Lake Onoke wave hits whitebaiters

By seamus.boyer@age.co.nz, Seamus Boyer


A group of Wairarapa whitebaiters are lucky to be alive after being swept into Lake Onoke by a freak wave.

The whitebaiters were fishing on the spit at the mouth of the lake on Wednesday when a freak wave smashed over the bar and washed several towards the water.

Lake Ferry Hotel owner Mary Tipoki said she was serving lunch and saw at least two men washed into the lake.

"The wave came right over the sand bar - it was a huge, huge wave - and just washed them into the lake," she said.

"We thought we'd better call the rescue helicopter because we've seen this before."

But she said it seemed one whitebaiter was able to pull the men from the water using a long scoop net.

"They were very lucky. It was just like watching something on TV really. It gives you that uneasy feeling," Ms Tipoki said.

The mouth of the lake had closed regularly because of sand build-up caused by high seas since the season began on August 15. It was shut yesterday. "We've had some extremely big seas over the last month and people just need to be aware that the sea is not very forgiving," she said.

Veteran whitebaiter Cathy Garrity, of Carterton, said scooping at the mouth was more hazardous than setting nets further inland along the shores of the lake.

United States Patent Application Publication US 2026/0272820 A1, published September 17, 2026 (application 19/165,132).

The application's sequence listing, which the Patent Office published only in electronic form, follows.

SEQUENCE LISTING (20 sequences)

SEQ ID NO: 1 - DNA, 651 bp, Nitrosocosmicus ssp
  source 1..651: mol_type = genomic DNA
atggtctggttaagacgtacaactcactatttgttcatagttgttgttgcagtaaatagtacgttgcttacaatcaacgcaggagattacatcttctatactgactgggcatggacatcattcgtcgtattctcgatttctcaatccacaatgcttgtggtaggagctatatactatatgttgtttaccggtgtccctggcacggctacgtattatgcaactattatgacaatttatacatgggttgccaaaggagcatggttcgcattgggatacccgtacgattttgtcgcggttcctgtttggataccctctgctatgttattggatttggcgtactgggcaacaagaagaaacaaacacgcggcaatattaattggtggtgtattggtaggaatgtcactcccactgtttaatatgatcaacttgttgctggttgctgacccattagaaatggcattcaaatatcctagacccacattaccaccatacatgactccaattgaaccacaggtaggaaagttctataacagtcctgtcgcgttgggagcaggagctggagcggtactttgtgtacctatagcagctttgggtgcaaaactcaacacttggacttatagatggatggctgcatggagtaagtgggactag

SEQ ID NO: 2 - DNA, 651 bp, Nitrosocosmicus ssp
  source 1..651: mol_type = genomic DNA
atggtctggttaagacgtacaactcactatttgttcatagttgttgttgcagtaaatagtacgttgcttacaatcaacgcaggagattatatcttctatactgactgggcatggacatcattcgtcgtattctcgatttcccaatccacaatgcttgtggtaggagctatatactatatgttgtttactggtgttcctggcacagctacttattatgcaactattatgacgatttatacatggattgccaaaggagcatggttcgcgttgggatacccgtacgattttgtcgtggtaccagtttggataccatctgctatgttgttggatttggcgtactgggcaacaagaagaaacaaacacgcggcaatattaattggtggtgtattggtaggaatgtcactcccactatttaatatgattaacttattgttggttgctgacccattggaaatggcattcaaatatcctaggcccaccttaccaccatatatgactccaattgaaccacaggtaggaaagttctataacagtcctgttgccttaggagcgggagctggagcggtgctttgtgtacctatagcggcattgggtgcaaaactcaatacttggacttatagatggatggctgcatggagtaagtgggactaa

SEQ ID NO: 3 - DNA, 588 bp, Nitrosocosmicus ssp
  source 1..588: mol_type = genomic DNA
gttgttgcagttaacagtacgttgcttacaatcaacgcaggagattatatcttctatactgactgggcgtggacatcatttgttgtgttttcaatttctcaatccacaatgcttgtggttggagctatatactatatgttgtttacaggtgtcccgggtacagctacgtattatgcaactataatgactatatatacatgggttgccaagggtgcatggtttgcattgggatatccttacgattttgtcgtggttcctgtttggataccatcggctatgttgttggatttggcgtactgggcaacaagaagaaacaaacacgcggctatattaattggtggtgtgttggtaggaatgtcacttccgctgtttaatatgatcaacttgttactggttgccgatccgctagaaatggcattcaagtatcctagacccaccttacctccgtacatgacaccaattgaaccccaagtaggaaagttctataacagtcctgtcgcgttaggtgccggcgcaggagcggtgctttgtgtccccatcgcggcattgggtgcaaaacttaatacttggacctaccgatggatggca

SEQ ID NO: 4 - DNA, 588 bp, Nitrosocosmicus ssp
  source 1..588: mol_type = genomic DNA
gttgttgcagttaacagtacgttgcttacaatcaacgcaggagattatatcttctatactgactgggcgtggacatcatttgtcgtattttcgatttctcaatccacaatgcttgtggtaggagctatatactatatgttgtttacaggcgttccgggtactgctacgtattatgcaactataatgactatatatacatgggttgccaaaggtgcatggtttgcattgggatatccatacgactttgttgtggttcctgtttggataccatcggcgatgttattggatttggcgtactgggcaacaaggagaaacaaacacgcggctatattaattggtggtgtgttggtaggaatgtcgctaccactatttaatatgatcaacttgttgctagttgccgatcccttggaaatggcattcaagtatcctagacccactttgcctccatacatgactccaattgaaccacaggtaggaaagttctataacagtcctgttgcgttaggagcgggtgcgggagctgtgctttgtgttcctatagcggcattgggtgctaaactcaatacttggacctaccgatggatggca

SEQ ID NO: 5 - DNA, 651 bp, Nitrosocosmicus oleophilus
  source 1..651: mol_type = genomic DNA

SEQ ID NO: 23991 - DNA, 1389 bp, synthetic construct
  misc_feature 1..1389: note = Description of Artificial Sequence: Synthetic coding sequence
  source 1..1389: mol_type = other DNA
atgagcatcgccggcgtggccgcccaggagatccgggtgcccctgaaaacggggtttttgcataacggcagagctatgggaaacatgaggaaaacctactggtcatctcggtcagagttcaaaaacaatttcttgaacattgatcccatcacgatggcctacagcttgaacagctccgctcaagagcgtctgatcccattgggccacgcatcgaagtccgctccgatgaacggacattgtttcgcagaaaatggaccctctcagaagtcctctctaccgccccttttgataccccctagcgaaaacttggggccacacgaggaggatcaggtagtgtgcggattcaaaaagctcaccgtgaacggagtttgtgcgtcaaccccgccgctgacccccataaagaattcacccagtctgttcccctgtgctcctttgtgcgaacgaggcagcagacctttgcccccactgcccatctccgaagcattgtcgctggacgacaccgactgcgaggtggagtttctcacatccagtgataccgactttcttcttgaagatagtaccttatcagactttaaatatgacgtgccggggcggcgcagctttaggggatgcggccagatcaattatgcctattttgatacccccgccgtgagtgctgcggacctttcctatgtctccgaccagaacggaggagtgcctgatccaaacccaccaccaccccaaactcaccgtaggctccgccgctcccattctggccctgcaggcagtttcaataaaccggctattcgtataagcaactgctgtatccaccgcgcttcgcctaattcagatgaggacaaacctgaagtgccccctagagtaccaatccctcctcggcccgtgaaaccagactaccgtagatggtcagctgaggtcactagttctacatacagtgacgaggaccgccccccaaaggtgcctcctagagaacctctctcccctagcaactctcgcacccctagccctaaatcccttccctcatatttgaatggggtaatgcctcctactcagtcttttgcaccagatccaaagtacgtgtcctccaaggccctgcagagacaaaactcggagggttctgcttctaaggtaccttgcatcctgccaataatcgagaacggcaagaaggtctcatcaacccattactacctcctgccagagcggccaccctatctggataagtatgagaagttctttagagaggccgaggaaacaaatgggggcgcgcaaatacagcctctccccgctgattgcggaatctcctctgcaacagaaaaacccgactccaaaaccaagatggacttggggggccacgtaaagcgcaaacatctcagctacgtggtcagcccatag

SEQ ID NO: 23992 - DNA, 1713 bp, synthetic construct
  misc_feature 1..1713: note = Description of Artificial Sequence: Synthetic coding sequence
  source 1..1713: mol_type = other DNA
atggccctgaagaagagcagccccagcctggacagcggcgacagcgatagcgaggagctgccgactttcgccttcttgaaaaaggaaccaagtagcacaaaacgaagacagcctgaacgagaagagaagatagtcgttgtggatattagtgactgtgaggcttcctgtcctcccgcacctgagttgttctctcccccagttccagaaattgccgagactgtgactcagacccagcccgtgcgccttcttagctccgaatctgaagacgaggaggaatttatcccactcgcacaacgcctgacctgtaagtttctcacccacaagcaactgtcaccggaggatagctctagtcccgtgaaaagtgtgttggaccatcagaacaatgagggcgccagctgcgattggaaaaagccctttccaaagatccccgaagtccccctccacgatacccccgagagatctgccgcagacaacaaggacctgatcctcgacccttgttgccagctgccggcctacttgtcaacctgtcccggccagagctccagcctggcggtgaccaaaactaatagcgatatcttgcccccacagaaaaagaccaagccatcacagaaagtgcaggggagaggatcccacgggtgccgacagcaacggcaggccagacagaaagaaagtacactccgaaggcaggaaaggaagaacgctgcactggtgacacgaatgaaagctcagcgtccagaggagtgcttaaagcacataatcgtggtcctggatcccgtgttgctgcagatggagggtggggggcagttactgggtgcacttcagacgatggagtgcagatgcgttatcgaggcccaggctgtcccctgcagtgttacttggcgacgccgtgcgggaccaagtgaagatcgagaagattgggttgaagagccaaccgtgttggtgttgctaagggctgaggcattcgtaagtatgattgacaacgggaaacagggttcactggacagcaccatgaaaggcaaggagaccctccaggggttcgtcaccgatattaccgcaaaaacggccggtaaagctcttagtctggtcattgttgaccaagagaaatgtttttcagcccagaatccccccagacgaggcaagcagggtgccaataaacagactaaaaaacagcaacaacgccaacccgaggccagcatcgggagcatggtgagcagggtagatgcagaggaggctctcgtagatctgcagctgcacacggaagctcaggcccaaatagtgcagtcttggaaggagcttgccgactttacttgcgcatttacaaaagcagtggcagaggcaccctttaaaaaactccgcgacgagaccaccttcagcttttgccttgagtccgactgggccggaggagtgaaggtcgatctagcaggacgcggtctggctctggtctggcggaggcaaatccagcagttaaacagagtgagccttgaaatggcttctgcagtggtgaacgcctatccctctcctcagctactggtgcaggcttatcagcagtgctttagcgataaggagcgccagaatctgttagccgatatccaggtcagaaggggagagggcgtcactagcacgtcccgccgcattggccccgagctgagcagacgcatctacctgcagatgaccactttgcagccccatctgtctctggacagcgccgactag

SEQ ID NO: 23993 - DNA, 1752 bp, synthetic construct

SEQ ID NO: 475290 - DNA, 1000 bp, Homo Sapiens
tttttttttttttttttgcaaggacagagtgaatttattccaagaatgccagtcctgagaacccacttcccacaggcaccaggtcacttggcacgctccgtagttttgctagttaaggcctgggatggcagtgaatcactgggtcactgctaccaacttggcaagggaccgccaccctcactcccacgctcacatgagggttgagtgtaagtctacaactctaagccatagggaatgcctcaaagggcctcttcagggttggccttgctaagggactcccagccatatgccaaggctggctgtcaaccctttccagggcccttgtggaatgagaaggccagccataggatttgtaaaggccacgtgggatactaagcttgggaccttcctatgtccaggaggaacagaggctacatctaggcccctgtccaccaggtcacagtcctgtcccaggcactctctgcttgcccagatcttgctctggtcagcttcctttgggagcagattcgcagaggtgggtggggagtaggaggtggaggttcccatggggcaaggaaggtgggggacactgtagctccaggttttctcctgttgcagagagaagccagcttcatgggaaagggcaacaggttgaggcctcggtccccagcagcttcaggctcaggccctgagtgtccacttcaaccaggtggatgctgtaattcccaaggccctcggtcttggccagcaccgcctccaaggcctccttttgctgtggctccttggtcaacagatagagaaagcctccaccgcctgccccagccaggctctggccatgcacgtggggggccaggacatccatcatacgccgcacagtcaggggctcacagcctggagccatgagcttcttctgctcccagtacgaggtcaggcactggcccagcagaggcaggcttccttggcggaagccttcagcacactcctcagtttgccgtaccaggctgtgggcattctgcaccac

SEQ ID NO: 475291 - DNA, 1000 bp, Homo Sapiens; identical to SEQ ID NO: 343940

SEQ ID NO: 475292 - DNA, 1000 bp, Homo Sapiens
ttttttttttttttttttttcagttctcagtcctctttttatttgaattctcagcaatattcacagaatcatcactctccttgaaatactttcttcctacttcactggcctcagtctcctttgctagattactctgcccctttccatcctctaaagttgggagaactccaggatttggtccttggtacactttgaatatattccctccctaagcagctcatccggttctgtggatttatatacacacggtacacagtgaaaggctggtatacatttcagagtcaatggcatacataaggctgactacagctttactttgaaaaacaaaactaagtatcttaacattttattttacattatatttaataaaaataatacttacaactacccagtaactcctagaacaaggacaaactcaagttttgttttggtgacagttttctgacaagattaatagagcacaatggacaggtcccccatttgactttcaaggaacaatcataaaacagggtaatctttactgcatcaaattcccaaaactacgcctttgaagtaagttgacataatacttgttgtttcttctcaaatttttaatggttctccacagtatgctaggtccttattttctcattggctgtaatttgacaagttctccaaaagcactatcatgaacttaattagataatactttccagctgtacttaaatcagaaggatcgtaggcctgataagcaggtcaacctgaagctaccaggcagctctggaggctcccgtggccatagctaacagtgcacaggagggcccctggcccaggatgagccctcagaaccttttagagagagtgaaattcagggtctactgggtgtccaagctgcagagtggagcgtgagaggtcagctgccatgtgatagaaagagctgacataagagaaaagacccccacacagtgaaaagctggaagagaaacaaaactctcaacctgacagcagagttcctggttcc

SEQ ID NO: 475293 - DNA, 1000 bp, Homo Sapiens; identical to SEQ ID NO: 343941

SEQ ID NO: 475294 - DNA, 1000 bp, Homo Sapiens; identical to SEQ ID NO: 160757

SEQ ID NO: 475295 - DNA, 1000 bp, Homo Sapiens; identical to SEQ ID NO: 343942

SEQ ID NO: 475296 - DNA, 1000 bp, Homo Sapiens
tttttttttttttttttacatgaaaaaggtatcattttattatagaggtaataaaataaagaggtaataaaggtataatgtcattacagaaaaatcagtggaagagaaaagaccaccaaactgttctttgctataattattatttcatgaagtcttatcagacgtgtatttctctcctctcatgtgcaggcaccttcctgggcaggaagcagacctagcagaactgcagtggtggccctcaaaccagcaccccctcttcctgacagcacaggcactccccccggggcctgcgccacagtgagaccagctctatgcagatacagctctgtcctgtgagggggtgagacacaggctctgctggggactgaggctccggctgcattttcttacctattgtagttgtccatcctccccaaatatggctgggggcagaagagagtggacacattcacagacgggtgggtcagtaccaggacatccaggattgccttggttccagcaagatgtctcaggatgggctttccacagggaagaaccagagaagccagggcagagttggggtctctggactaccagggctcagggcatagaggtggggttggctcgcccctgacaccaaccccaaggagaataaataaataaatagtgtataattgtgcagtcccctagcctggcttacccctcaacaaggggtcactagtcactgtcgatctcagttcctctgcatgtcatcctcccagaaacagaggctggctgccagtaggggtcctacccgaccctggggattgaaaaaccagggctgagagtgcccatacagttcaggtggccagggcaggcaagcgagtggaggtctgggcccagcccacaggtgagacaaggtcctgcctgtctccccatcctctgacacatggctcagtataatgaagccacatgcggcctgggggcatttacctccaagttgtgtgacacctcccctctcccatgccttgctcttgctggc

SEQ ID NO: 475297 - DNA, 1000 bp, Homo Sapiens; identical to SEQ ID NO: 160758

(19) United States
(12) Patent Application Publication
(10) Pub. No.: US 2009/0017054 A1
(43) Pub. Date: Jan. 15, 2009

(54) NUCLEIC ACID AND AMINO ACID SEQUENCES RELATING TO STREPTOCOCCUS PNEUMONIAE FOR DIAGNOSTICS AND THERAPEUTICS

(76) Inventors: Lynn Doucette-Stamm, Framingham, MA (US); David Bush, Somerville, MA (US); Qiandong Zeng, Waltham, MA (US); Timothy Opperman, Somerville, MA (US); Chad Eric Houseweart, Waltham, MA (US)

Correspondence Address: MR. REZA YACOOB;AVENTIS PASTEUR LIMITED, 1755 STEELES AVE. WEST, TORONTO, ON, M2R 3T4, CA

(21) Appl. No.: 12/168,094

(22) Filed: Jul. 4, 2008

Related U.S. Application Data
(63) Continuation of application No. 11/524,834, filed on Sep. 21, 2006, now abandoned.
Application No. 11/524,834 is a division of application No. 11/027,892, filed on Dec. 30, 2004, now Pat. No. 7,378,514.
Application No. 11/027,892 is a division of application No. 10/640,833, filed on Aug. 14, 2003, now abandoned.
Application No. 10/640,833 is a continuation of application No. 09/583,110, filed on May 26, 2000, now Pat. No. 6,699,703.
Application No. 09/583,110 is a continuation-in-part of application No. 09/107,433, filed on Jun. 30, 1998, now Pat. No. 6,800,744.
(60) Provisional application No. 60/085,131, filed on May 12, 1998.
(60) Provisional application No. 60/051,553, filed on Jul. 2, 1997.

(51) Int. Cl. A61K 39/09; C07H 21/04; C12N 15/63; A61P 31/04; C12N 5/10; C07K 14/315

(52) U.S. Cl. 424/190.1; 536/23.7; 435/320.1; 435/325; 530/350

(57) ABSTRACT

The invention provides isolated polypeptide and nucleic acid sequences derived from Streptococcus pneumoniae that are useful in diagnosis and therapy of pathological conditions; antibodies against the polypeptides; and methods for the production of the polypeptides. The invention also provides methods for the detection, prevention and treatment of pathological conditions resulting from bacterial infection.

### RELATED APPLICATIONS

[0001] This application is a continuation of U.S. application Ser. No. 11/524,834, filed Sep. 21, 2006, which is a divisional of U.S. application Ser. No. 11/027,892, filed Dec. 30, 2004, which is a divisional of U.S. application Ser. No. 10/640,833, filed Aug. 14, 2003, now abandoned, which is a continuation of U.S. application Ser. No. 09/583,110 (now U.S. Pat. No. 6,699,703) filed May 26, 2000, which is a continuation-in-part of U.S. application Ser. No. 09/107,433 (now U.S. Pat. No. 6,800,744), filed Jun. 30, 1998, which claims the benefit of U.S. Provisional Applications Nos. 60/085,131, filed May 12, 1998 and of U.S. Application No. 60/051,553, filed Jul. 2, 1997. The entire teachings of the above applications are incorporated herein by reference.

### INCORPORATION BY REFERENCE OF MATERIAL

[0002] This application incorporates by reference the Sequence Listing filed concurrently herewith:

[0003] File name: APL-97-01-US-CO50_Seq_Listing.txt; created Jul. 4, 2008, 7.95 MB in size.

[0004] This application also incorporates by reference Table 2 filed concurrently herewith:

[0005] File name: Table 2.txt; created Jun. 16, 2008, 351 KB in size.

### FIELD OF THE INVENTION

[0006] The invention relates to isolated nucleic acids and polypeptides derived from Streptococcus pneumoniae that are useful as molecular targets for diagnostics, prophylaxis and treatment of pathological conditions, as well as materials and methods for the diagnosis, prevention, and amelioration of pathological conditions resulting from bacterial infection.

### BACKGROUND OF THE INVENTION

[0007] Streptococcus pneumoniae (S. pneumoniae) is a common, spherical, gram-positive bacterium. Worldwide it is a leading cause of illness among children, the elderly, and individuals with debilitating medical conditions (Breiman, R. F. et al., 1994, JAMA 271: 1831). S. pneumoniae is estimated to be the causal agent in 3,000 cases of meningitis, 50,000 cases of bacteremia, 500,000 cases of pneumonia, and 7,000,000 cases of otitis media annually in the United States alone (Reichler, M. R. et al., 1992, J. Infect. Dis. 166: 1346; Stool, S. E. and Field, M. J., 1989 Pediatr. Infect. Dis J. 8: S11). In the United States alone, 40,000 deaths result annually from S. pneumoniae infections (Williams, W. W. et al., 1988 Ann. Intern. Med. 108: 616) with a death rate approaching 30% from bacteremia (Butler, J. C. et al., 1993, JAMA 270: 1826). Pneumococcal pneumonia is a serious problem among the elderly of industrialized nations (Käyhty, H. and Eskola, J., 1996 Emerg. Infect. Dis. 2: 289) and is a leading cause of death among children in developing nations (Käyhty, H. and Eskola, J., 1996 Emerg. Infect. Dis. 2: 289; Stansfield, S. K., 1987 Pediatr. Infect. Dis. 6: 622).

Mrs Garrity said she had heard on the grapevine of heavy swells and rogue waves in the past few days.

People who chose to scoop at the mouth should be aware they were at risk if they felt sand being pulled out from under their feet. Despite the incident, whitebait may finally be running hot in Wairarapa.

Mrs Tipoki said she had heard reports of some giant whitebait hauls - the biggest a whopping 27kg - although she said that could not be verified.

But keen Masterton whitebaiter Noel Preston said he had been out twice with a group of mates and caught next to nothing.

"As far as we're concerned it hasn't gone very well," he said.

"The first time we didn't even put the nets out, even though it was a lovely day because the lake wasn't even moving.

"The second time we got a tiny bit, I suppose half a pound, but there wasn't enough to share so we gave it all to one of the jokers to get a couple of fritters out of."

- WAIRARAPA TIMES-AGE

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